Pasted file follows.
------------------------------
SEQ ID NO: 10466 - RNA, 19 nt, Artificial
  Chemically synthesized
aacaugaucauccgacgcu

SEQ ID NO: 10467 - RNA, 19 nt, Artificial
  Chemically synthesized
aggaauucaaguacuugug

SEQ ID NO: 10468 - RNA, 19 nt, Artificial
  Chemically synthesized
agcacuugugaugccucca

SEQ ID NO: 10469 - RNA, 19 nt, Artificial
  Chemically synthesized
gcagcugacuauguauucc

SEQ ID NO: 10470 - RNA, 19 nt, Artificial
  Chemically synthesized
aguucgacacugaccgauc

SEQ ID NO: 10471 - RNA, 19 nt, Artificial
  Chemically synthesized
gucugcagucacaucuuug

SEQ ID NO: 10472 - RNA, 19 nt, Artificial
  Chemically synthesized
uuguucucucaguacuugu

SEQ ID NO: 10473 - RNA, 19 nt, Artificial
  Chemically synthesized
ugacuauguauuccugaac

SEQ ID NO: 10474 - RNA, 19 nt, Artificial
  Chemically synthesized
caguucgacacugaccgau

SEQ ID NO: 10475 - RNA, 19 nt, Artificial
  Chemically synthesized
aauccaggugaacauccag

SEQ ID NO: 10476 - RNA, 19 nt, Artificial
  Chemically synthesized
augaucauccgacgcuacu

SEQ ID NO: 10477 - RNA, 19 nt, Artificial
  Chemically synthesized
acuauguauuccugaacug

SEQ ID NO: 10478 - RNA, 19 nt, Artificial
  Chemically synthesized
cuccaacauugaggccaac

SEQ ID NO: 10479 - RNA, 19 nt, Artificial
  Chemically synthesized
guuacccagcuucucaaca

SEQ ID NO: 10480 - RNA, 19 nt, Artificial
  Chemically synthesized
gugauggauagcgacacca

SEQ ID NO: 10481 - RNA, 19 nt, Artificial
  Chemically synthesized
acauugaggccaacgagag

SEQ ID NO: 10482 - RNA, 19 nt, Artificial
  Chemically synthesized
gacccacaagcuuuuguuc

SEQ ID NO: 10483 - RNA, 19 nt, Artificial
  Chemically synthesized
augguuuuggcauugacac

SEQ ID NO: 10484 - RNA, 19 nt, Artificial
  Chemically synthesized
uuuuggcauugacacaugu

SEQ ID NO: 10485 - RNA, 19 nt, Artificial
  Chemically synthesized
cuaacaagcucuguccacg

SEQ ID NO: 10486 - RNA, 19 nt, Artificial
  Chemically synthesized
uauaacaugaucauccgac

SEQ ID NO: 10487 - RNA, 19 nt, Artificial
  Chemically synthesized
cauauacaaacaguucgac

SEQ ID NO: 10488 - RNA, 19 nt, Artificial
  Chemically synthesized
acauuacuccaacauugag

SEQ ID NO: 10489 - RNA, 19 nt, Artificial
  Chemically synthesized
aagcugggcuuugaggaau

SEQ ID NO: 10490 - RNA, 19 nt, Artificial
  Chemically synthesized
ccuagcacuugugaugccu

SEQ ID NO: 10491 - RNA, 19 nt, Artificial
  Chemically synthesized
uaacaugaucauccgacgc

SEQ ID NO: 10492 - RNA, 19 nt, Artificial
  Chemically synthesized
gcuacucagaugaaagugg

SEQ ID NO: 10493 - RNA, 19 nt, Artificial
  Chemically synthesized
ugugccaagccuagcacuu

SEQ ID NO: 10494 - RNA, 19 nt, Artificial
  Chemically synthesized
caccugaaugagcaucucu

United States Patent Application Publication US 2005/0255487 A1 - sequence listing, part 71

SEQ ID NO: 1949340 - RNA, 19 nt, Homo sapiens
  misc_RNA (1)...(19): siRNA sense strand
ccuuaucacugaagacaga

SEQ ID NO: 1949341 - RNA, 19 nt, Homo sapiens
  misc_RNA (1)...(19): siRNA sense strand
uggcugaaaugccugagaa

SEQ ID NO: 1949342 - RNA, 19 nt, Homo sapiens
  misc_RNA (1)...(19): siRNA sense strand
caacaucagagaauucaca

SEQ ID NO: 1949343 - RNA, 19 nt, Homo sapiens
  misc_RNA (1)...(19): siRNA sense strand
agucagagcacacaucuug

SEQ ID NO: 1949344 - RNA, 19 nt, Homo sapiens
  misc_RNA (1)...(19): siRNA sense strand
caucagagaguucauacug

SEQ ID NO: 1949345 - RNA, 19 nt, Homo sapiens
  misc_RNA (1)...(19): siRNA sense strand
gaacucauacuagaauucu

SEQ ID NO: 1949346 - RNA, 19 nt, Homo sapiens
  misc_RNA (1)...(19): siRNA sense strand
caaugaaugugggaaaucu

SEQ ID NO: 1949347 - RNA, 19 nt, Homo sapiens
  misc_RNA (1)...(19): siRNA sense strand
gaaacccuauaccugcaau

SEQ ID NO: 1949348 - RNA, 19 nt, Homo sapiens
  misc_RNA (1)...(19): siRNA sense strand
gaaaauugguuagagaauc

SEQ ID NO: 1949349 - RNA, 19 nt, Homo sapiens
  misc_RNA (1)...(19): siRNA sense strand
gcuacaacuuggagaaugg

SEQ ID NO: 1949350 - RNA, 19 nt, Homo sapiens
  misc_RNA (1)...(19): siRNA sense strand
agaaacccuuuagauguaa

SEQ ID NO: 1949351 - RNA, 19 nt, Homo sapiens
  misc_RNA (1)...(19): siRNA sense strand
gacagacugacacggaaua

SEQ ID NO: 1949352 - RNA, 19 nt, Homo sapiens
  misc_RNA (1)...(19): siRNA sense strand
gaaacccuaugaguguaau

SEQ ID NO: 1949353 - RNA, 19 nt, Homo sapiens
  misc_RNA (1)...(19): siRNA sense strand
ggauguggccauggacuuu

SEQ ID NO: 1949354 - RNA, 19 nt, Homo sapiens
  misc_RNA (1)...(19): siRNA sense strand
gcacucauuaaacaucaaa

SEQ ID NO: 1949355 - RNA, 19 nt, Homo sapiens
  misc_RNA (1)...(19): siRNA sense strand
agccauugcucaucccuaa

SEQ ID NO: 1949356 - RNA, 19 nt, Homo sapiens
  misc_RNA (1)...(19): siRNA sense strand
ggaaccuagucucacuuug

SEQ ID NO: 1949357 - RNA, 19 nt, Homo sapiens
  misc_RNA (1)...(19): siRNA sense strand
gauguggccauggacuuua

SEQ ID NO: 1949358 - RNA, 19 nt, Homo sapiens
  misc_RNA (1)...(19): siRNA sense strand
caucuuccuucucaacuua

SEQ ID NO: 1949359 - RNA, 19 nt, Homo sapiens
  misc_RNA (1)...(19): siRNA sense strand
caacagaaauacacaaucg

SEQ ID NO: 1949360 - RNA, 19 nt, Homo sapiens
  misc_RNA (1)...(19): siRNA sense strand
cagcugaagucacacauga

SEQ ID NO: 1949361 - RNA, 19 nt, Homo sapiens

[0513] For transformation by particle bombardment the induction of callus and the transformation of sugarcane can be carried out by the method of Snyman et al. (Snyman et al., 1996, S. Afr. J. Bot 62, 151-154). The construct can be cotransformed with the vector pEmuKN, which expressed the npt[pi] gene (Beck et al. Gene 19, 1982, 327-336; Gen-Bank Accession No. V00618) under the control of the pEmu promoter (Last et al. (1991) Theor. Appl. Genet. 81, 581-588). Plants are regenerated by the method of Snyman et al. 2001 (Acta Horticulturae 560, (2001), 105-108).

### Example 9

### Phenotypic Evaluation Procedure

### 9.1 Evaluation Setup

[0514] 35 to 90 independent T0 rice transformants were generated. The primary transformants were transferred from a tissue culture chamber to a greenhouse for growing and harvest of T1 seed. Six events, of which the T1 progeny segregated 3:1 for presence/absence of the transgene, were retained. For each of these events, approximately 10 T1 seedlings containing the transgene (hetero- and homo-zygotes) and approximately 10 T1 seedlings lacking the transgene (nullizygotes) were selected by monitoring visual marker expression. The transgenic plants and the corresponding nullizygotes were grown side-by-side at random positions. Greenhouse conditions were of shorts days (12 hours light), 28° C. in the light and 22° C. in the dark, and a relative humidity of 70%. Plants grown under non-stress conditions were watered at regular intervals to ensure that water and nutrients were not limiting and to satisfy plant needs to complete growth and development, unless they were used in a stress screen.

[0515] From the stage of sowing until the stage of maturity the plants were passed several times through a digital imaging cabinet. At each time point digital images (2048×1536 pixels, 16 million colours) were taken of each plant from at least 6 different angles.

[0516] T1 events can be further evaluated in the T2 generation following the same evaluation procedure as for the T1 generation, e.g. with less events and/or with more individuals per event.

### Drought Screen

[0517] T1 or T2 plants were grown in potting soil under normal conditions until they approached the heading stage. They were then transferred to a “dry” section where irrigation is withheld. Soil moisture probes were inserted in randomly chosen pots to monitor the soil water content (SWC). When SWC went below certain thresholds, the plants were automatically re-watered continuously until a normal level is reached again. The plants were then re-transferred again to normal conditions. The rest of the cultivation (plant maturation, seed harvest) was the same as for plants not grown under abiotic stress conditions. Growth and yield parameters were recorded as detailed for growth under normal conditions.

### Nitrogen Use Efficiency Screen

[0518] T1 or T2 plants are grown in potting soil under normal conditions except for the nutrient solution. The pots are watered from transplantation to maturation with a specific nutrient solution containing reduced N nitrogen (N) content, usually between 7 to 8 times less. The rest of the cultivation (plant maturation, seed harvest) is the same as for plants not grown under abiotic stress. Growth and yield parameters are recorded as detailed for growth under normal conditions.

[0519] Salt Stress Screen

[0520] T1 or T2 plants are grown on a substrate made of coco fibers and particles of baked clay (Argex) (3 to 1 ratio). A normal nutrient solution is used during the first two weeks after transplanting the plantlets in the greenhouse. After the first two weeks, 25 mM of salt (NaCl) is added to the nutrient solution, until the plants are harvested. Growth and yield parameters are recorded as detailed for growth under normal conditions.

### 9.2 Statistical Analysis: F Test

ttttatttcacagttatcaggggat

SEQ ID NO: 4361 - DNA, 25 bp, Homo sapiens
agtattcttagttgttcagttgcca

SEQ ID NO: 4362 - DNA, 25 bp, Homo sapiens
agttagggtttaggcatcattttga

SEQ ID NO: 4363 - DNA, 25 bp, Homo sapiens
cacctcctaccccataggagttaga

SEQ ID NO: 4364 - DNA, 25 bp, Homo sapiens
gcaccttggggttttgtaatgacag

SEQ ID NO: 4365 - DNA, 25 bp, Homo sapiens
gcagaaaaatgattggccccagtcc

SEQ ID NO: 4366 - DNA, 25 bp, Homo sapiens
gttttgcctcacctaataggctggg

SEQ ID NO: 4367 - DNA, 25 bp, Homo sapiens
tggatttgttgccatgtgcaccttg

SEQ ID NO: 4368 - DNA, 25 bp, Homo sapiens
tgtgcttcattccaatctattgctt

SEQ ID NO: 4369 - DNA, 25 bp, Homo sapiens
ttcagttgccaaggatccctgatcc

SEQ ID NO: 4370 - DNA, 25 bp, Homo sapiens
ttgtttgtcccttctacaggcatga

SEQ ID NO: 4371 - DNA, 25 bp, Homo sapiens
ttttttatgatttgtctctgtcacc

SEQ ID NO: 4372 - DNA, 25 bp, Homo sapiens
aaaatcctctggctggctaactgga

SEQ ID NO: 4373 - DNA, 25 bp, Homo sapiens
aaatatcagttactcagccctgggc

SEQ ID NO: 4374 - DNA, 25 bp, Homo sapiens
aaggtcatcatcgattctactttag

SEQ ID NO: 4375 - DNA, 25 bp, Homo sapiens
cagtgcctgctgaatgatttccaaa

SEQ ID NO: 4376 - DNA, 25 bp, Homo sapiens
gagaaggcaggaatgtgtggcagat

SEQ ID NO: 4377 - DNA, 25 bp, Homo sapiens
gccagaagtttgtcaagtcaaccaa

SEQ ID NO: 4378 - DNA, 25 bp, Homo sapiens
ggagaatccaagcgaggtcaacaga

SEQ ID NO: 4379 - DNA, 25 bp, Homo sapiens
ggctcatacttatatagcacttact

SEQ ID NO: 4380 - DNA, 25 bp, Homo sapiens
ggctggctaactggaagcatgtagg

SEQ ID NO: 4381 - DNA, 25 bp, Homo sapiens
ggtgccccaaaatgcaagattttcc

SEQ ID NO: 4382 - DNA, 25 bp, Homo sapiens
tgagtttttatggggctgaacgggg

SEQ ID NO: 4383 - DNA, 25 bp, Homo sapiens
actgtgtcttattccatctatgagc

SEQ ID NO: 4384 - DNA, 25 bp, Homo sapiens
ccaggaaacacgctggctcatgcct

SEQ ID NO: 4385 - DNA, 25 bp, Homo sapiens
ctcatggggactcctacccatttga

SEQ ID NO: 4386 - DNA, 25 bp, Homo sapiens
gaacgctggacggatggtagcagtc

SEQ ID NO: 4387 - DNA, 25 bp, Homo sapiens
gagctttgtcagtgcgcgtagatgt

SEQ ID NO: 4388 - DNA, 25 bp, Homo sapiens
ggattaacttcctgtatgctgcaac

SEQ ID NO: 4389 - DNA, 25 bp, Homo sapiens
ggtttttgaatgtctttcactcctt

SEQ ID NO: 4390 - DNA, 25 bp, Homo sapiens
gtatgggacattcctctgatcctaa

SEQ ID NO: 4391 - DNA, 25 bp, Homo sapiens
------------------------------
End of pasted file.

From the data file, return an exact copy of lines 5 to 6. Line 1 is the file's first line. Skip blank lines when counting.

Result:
  Chemically synthesized
aggaauucaaguacuugug